A court in Hangzhou, China, upheld Bitcoin’s status as “virtual property.” The ruling reaffirms that Bitcoin is legal to own in China and indicates to holders that they will be protected by the country’s legal system in the case of disputes.
The first case of Bitcoin property infringement was resolved in the Hangzhou Digital Court, as first reported by The Beijing News. The local court confirmed that the Chinese legal system recognizes Bitcoin as “virtual property” with legal protections.
Facts and circumstances behind the case
In 2013, the plaintiff purchased 2.675 BTC for 20,000 yuan ($2,900) from a store on Taobao, the leading Chinese online marketplace, allegedly operated by the defendant, Shanghai Technology Company. In 2017, the plaintiff wanted to access the funds and found the store was closed and could not contact the operator to gain possession of their Bitcoin.
The plaintiff claims that when the store was closed the operator, Shanghai Tech., did not give notice. Inaction on the part of the defendant allegedly lead to the plaintiff’s loss of funds.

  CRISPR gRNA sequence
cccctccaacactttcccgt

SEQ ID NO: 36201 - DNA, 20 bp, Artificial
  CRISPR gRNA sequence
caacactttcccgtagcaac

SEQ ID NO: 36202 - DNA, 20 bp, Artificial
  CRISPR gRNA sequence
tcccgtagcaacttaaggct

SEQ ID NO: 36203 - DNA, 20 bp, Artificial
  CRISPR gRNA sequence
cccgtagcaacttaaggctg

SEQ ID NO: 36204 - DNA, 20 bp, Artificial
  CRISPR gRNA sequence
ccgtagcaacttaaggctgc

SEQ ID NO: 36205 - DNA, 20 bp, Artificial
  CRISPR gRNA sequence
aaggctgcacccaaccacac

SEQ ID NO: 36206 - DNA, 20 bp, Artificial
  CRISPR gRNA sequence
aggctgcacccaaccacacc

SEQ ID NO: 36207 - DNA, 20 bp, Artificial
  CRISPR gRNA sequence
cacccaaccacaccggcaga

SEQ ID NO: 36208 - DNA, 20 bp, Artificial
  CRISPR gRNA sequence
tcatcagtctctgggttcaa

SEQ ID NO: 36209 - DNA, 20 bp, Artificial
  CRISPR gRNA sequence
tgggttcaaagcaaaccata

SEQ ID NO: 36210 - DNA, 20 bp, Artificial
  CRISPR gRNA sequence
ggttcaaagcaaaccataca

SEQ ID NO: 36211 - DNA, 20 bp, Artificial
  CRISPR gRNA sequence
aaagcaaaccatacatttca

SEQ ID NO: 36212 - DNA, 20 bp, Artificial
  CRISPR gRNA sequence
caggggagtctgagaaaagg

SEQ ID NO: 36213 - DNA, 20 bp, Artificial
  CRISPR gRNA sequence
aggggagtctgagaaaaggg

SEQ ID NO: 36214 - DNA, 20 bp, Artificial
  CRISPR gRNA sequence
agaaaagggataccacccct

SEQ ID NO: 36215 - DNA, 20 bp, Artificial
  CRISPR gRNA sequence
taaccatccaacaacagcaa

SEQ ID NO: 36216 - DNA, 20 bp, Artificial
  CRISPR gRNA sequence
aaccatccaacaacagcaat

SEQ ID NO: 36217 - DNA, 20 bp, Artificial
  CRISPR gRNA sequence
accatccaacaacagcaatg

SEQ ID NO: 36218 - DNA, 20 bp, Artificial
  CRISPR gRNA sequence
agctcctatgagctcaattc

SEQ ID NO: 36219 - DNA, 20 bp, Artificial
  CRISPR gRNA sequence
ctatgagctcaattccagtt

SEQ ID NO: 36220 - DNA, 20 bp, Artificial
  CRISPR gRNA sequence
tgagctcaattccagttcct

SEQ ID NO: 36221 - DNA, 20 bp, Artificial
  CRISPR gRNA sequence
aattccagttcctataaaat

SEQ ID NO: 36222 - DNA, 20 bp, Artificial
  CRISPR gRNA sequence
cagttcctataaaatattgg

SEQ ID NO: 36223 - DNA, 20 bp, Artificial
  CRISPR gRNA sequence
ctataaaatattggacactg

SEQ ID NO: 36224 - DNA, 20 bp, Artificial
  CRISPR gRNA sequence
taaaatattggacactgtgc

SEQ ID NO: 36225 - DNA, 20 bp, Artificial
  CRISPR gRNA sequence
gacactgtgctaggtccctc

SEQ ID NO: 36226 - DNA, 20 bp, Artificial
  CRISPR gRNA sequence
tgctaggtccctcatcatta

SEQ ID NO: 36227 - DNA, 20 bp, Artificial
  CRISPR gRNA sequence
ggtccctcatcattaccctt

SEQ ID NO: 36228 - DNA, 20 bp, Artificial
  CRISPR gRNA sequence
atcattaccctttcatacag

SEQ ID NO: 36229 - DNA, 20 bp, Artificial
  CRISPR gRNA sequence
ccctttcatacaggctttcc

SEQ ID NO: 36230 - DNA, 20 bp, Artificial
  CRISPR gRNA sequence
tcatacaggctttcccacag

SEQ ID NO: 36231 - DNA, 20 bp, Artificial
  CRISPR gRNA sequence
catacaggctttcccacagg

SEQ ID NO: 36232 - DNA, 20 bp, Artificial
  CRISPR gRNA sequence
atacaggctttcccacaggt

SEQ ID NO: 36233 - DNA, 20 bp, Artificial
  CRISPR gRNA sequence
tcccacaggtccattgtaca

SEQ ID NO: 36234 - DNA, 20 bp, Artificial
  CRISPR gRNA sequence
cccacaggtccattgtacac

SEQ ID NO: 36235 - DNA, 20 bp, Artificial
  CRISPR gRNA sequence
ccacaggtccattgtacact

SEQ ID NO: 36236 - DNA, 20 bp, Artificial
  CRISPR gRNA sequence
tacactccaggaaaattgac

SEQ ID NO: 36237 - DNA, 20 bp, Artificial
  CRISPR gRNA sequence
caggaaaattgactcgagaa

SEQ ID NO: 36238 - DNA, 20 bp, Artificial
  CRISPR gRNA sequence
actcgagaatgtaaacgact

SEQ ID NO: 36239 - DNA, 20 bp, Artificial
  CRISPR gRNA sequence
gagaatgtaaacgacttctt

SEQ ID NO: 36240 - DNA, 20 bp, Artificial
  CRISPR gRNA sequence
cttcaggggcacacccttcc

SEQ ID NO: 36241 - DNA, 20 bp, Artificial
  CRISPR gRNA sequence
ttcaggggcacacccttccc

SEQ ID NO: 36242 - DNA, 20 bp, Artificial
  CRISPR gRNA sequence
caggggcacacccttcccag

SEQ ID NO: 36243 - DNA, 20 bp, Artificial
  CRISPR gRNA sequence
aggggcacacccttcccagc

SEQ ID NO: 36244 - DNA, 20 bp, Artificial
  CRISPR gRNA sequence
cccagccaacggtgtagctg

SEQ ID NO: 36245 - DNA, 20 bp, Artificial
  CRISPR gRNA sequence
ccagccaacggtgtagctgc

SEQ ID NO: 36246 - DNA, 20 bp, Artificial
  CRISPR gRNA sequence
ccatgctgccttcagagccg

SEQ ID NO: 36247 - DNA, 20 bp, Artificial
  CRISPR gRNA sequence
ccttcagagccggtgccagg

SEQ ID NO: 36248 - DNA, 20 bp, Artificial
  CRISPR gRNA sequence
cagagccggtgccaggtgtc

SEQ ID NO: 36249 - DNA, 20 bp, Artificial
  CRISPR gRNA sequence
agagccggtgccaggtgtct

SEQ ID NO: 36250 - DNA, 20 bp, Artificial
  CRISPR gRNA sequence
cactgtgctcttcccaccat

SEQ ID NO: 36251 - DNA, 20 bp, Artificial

However, between the plaintiff purchasing the Bitcoin and the trial, cryptocurrency trading was banned in China and consequently prohibited on Taobao. Taobao then failed its audit obligations when scrutinized by the Chinese authorities, likely leading to the sudden closure of stores offering cryptocurrency.
Nonetheless, the plaintiff sued Shanghai Tech. and Taobao for the loss of 76,000 yuan ($11,000), the transaction price of 2.675 BTC at the time of the case.
Unfortunately, the plaintiff was unable to prove that Shanghai Tech. was the owner of the store that sold them the Bitcoin. Moreover, Taobao, in fulfilling its legal responsibilities, was not obviously responsible for the plaintiff’s losses, according to the court. The court ultimately rejected the lawsuit.
Implications for Bitcoin
Despite the plaintiff losing the case, the local court still made an important ruling on Bitcoin. Although it has been, and still is, legal to own Bitcoin in the country, the case provides additional precedence for future rulings.
“Bitcoin holds the attributes of property. It’s valuable, scarce, and disposable. Therefore, we should recognize it as virtual property according to the “General Civil Law.” Virtual property is legally protected by the laws of the People’s Republic of China,” stated a translation of a passage in the article by The Beijing News.
An important distinction, however, is that facilitating trading and mining Bitcoin is still illegal in China. Nevertheless, the case holds historic importance in terms of recognizing the legality of ownership of the digital asset in one of Bitcoin’s largest markets.
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